SccrreeEechh. This and other kinds of excruciating noise make us shudder, but we’ve never really known why.
Knowing what makes certain sounds painful could help engineers figure out the frequencies to adjust in order to make annoying sounds, such as construction, more pleasing to our ears.
Turns out, there are 2 factors at work: knowing where the sound is coming from and the design of our ear canals. ScienceNOW reports.
Musicologists Michael Oehler of the Macromedia University for Media and Communication and Christoph Reuter of the University of Vienna asked listeners to rank sounds in a listening test. These recordings included fingernails scratching down a chalkboard, chalk against slate, Styrofoam squeaks, and scraping a plate with a fork.
Then they modified the recordings of fingernails and chalk, removing various frequency ranges and extracting either the (a) tonal, musical-pitch parts or (b) the scraping, growling, noise-like parts.
Some listeners were told the true source of the sounds, while others were told that the sounds were part of contemporary musical compositions. They then rated the pleasantness or unpleasantness of the sounds while the researchers measured physical indicators of their distress: heart rate, blood pressure, and the electrical conductivity of their skin.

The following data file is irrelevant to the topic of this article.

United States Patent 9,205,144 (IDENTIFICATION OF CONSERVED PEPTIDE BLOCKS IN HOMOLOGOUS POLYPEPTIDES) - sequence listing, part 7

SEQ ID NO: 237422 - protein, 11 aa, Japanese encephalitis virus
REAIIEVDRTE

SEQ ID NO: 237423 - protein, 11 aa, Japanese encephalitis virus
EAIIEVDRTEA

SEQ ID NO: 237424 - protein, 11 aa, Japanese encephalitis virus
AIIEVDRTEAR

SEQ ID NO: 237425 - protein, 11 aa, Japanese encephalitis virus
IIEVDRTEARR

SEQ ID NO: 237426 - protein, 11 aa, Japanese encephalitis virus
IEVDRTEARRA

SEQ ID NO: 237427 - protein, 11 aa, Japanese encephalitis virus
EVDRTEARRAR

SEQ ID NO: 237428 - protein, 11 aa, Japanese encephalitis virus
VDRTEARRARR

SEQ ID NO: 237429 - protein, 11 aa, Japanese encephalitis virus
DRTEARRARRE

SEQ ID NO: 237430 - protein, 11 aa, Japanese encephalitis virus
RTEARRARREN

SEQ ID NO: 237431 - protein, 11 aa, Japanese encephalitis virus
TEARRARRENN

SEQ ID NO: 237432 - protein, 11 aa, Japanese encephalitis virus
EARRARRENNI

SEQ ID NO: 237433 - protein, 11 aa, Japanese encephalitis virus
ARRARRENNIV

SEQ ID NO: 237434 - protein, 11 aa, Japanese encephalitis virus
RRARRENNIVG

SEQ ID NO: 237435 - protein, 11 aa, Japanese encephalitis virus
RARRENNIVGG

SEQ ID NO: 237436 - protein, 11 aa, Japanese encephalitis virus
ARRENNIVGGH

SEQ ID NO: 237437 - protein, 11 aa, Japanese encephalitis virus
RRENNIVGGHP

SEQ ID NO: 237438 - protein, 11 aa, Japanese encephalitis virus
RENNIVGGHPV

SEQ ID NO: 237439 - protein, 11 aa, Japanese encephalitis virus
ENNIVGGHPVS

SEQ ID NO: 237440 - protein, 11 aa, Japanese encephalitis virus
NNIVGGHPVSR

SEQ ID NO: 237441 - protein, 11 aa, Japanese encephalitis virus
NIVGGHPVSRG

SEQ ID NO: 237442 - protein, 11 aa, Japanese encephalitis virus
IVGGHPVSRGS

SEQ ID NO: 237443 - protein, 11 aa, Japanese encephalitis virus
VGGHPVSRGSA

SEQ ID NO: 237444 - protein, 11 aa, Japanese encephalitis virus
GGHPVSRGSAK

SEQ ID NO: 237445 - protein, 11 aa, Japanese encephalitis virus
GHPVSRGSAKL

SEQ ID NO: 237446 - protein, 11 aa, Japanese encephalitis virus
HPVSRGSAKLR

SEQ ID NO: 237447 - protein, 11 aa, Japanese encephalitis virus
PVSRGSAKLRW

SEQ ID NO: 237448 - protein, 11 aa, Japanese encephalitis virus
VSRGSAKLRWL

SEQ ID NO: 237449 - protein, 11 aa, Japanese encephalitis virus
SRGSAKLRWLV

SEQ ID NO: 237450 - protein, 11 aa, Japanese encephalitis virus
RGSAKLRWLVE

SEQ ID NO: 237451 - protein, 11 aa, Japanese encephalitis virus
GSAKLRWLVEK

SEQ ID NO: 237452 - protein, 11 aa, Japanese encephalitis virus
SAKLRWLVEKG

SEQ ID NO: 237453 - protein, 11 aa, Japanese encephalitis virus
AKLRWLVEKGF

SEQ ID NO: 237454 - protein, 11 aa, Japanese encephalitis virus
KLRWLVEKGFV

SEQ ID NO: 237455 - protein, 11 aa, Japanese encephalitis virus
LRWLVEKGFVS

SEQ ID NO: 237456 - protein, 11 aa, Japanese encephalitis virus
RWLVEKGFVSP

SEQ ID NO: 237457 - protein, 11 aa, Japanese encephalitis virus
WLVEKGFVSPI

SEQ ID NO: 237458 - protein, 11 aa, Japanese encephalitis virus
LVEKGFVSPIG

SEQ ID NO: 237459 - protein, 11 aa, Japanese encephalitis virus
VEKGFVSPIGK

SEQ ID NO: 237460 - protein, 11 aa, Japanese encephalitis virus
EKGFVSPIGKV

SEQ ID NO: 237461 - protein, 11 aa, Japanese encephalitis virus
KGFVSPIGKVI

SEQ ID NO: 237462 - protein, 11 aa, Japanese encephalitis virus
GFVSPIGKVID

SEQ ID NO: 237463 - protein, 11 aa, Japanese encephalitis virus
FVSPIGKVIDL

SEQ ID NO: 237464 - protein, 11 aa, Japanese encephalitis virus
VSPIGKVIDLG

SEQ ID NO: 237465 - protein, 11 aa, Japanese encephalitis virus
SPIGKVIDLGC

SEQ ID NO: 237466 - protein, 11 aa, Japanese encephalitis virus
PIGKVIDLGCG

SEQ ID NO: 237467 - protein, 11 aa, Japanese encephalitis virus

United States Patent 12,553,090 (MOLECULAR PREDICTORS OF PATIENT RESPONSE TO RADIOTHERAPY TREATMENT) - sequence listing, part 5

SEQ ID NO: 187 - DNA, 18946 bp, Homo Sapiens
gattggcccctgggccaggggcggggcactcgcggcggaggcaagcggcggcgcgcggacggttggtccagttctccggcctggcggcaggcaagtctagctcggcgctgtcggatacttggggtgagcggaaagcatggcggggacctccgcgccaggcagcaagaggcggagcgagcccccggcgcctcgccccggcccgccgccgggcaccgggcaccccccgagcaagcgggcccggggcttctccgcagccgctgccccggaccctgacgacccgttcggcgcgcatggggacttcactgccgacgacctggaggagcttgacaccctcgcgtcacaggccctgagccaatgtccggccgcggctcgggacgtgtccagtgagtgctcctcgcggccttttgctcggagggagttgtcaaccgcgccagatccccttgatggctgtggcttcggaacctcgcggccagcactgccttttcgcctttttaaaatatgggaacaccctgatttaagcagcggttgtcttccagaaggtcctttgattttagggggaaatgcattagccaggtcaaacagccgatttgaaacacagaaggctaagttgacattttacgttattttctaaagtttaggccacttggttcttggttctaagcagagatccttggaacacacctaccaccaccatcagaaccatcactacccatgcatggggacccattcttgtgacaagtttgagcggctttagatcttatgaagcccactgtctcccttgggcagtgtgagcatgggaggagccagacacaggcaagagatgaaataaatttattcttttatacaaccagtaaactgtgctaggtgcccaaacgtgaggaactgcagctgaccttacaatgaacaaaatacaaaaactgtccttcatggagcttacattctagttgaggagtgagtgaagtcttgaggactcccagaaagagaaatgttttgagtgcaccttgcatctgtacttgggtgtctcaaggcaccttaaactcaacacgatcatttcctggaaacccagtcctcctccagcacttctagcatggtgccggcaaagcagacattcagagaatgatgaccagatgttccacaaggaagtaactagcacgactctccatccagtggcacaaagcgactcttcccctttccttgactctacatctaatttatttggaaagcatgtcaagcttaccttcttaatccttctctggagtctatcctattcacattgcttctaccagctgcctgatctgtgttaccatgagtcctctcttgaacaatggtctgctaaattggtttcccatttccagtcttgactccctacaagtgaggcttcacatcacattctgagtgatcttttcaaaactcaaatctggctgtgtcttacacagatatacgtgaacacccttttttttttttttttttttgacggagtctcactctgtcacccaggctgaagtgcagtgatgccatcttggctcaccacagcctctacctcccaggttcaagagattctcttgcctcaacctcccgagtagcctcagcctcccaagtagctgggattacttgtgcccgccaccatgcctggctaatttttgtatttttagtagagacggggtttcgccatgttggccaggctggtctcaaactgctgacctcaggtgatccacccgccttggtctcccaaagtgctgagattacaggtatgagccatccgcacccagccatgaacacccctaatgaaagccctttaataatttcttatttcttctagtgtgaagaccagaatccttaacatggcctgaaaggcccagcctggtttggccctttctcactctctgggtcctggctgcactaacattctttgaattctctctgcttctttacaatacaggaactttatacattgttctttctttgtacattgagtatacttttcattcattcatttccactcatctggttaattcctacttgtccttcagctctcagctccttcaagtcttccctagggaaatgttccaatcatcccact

This is what they found:
- Skin conductivity changed significantly when listeners heard a sound they later reported as unpleasant.
- Frequencies responsible for making a sound unpleasant were commonly found in human speech, which ranges from 150 to 7000 hertz (Hz). The offending frequencies were in the range of 2000 to 4000 Hz, and removing those made the sounds much easier to listen to.
- Deleting the tonal parts of sound entirely also made listeners perceive the sound as more pleasant. Removing the noisy, scraping parts of the sound made little difference.
- If listeners thought a sound came from a musical composition, they rated it as less unpleasant than if they knew it actually was fingernails on a chalkboard. But their skin conductivity changed consistently even when they thought the chalkboard sound was from music and rated it as less unpleasant.
The researchers suspect that the shape of our ear canal may be to blame. Previous studies have shown that the ear canal amplifies certain frequencies, amplifying the chalkboard screech within our ears to painful effect.
The work will be reported this week at the Acoustical Society of America conference in San Diego.
Image by Sharon Drummond via Flickr
This post was originally published on Smartplanet.com